• cultural resistence (Score:4, Interesting)

      by spectrokid (660550) on Tuesday November 07, 2006 @09:15AM (#16750359) Homepage
      When we moved from farms to towns in the early middle ages, we brought our habits: pigs running freely in the streets, unexisting hygene. Then came the plague. Some refused to adapt, and they died. Others accepted sewages and garbage collection as a new way of life. They lived. AIDS will be eradicated from Africa the same way the plague was eradicated from Europe (and cholera,...) By a mixture of biological resistance and cultural resistance. Condoms for fun, monogamy for making children, the solutions are there. Africa needs to accept them as unavoidable cultural changes.
      • This is a very interesting point, and one that I don't thing gets mentioned often, because it's un-PC and opens up the speaker to allegations of racism.

        However, I'd argue that if you look at gay (male) culture today, versus say in the late 1970s, you'll see some fairly drastic changes as a result of the AIDS epidemic. There's a lesson in there somewhere, and it's not that we all have to turn into Evangelical Christian prudes to escape God's wrath; gay people didn't disappear from the planet as a result of H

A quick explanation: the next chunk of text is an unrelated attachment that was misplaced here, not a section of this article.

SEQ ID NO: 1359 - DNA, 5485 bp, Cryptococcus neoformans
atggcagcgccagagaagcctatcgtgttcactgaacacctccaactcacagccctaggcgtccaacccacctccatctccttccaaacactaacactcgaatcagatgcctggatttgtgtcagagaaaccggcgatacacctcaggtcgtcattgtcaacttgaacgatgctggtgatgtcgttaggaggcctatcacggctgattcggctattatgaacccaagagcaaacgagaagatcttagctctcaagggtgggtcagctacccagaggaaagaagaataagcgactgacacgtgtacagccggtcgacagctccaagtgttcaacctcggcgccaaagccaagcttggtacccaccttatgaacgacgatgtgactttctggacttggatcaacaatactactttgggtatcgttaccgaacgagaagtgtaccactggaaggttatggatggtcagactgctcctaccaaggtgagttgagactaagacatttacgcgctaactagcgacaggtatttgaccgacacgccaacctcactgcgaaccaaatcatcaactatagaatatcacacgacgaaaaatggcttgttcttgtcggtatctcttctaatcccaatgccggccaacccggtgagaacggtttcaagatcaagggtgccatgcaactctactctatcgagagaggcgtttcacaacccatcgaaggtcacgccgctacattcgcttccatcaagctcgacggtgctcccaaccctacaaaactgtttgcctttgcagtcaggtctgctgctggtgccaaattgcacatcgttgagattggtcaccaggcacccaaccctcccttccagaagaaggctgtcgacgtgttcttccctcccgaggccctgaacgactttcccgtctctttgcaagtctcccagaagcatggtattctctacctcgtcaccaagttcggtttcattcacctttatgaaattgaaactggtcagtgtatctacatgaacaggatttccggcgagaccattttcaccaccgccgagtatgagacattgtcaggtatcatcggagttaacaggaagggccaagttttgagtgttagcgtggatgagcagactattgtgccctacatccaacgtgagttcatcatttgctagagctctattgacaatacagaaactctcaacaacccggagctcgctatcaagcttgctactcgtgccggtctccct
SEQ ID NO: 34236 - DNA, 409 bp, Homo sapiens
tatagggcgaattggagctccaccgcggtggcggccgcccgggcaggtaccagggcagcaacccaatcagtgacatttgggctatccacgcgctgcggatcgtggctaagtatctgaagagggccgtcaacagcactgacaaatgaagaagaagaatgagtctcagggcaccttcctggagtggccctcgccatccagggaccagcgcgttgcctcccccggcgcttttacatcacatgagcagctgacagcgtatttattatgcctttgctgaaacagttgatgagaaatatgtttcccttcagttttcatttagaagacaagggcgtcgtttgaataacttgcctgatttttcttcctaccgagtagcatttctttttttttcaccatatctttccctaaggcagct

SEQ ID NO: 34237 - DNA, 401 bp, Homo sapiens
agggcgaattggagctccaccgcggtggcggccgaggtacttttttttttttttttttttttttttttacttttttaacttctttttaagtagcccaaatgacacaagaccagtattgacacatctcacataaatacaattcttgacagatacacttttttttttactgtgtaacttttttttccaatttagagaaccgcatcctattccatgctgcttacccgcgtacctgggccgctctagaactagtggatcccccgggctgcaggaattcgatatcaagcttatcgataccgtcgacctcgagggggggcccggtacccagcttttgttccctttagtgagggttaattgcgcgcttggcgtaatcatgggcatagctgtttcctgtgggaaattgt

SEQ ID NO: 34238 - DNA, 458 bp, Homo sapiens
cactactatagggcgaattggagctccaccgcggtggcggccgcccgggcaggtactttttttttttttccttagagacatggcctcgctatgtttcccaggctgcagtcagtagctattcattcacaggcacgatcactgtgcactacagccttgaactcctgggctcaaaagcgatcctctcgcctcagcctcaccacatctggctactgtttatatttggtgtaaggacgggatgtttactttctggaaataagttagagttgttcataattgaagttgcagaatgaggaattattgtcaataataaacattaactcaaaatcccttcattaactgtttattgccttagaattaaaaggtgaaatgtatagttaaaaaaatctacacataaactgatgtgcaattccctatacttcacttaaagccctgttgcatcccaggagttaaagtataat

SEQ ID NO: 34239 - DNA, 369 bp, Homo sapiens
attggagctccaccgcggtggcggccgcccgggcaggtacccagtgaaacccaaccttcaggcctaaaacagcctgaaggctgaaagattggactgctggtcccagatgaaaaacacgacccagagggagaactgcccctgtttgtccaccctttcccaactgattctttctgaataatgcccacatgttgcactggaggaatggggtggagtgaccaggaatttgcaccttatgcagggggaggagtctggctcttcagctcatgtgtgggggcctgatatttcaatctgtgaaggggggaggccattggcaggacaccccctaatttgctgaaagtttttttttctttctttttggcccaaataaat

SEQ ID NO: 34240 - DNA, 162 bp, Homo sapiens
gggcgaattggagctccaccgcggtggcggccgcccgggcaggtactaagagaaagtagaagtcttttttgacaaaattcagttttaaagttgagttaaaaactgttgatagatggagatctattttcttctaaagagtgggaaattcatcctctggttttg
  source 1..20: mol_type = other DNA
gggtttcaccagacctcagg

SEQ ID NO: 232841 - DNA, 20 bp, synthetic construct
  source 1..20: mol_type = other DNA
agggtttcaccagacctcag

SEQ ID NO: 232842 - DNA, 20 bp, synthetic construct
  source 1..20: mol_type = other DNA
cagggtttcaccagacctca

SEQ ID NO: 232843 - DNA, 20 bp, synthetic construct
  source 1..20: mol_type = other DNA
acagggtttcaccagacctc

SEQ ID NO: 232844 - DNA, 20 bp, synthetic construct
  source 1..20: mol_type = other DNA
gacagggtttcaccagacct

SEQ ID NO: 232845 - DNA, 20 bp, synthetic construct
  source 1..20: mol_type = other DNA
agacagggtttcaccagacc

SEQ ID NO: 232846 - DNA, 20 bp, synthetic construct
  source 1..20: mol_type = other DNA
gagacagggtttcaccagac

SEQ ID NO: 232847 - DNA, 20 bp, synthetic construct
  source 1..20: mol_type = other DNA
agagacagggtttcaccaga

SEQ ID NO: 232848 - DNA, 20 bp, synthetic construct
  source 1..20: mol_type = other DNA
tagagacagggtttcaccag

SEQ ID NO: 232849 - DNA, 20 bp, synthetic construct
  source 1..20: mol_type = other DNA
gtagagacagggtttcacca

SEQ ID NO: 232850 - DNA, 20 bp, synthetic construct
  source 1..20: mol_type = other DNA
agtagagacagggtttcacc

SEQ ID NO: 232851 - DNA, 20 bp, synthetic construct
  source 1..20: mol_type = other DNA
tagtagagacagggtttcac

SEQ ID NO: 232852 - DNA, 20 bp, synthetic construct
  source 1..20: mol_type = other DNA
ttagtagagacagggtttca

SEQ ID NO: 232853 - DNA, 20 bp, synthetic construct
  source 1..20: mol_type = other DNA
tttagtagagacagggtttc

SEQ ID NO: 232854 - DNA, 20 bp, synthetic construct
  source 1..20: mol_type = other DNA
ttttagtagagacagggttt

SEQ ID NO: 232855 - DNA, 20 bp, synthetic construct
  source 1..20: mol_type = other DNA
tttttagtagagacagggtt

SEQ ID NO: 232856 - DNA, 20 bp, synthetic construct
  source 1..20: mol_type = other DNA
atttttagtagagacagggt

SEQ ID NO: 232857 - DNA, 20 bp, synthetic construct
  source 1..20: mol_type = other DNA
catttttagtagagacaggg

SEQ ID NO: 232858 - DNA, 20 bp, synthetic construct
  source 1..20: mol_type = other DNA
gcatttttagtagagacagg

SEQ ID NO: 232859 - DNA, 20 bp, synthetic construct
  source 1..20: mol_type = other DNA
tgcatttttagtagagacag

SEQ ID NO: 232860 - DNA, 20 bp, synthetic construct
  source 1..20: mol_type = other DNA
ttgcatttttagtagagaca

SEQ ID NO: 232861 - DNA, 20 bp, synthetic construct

• by m0rph3us0 (549631)
      Remington makes such a solution. However most nations find it unpalatable.
  • Perhaps HIV? (Score:3, Informative)

    by Anonymous Coward on Tuesday November 07, 2006 @03:34AM (#16748723)
    There is no such thing as an "AIDS" virus, per say... I think you mean to say that they used a modified HIV virus. AIDS is the resulting symptom that people with HIV (or certain other diseases) might develop.